punkwalrus (punkwalrus) wrote,
punkwalrus
punkwalrus

‘Snow Joke

I love snow. I have always wondered if it was because my dad hated it so much. I started questioning my atheism for the same way. “If my dad believes it, it may be bullshit.” I also like snow days for some fairly obvious reasons. Fairfax County was still pretty rural back then; I’d say we were 30% city/suburbs, and the rest were back roads that were difficult, if not impossible, to plow. Our county were usually one of the first to close, and I’d say we had maybe an average of 6-10 snow days each winter. Each winter we’d get about 5 decent snows (over 2 inches) and about 1-3 hard blizzards. I haven’t seen that since the 1980s, although we have had about 1 huge blizzard about every 4 years. But Fairfax county is still rather chicken when it comes to snow days, even though I’d say it’s 90% urban now. And yet, when I wake up to the sound of the radio announcing a snow closure or even a mealy 1-hour delay, I can’t help but feel my heart skip a little in reminiscent joy.

My dad loathed snow. He grew up in the Chicago slums, and hated snow with a passion that rivaled anyone I have ever known (my mom, who also grew up in the same slums, didn’t seem to mind snow at all). He used to tell tales about ten foot snowdrifts and blinding blizzards, which seem plausible in the 1940s for a slum in Chicago, and when you’re a kid, things seem bigger anyway. But my father went further than tales of a slum Yukon trail, had a kind of hatred for snow that bled into the realm of denial.

For example until I was 18, he drove this 66’ Thunderbird. This maroon low rider with the squeaky frame tended to get stuck in snow a lot, which would make my dad furious while trying to go to work. Work may have been closed, but not to him! He had the same attitude of snow as he did about being sick: it’s all in the mind, and if you don’t pay attention to it, it’s not real (which, philosophically, can be argued as perceptually valid). But often, his mind and reality were at incredible odds with one another. Sometimes he couldn’t even make it out of the driveway or his car got stuck at the exit of Espey Lane and Southridge, about 30 feet from our house. Often, helpful neighbors would give him a push, of which he was minimally thankful at least.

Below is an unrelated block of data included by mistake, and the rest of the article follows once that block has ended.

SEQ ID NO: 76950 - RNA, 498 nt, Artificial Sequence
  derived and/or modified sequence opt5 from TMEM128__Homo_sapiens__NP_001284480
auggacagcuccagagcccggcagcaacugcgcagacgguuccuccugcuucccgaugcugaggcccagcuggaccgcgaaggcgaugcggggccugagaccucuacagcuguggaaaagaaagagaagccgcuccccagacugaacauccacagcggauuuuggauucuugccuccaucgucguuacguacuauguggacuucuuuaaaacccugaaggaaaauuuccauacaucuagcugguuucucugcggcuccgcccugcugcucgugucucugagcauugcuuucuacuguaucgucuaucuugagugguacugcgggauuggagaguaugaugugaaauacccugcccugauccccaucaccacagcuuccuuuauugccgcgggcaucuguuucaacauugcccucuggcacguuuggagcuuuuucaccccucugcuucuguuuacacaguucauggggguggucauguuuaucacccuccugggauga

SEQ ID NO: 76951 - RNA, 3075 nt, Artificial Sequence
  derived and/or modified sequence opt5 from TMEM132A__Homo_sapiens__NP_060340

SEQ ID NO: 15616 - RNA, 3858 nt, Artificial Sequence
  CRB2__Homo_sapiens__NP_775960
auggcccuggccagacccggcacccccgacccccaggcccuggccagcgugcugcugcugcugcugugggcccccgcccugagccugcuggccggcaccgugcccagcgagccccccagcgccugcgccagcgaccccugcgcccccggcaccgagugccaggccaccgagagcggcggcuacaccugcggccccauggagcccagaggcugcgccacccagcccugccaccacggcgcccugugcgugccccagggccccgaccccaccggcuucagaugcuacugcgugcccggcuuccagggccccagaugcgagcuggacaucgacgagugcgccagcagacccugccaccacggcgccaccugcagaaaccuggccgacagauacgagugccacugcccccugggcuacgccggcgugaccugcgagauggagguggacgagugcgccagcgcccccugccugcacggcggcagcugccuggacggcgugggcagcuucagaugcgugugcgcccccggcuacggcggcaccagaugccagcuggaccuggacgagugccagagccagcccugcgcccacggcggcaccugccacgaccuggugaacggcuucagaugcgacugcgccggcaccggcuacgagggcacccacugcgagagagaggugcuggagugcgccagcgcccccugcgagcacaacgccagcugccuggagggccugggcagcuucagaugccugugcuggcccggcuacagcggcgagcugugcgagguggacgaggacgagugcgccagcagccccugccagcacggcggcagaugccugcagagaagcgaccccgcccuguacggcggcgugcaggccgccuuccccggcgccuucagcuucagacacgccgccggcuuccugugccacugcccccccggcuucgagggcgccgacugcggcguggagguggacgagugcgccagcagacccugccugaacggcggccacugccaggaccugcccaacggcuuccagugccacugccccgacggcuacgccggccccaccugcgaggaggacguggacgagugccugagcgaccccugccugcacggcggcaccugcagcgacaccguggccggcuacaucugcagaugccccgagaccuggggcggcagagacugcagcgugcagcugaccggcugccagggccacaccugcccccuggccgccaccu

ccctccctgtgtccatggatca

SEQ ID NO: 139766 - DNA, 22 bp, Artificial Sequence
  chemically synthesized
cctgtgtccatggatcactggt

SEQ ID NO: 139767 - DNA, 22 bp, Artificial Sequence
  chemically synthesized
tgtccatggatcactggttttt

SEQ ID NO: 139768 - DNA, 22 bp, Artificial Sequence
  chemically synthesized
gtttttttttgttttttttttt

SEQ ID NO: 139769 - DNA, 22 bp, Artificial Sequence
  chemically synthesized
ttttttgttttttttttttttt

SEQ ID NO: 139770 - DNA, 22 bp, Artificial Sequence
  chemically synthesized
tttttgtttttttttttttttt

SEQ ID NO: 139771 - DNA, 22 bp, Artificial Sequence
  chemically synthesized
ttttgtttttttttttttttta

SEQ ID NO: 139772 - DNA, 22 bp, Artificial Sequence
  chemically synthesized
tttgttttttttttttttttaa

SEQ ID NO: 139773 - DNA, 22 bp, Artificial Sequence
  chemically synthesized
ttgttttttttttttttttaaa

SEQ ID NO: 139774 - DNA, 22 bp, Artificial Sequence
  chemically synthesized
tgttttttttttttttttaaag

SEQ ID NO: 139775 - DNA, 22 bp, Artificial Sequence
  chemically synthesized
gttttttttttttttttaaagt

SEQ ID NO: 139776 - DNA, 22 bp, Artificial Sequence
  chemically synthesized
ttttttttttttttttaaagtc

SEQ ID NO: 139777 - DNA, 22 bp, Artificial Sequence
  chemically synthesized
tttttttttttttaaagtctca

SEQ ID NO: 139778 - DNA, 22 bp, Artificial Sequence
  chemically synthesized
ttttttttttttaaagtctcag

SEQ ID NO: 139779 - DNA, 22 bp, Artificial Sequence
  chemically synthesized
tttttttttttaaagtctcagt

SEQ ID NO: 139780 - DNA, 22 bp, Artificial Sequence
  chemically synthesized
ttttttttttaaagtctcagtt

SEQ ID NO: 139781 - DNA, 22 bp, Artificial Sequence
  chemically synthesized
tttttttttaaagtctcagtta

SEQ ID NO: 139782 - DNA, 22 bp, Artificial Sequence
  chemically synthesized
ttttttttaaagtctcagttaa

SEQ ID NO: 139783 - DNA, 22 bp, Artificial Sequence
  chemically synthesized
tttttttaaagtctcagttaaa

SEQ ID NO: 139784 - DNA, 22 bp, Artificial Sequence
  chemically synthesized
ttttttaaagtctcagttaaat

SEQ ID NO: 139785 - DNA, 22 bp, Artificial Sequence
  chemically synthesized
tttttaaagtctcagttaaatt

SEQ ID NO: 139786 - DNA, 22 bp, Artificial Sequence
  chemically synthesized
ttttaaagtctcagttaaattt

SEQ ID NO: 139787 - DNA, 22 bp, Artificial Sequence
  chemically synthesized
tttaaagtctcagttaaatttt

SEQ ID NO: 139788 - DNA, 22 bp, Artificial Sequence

A dangerous game kids played (and may still play) was during heavy snow conditions before the streets were properly plowed: you’d hook onto a slow-moving car’s bumper and slide behind them on your boots. Well, some kids made a mistake of doing this to my father’s car, which nearly pulled the bumper off when it went over a rim of hardened slush. When he stopped the car, the kids did not linger to offer educated debate to explain their tomfoolery, but “scattered like rats,” according to my father. My father was angry enough because his attempt to get to work was thwarted when the got to Westmoreland because a plow had left a ridge of snow taller than the hood of his car right across the entrance to Southridge. And since I was the only kid he could confront when he got home, I got punished. Really. I don’t know who those kids were (oh, I could guess, but that’s not the point), but I got punished because obviously, I put them up to it, and protesting this nonsensical accusation landed me in my room until my mother quietly freed me a few hours later. I knew my father hated children almost as much as he hated snow, so that was a double-whammy against his denial.

But most of the time, my father could trudge through whatever snow Mother Nature dealt out in his 2-ton low rider, and so snow days were not only time off from school, but time off without my father, who would often be late coming back because of the traffic conditions during snow days.
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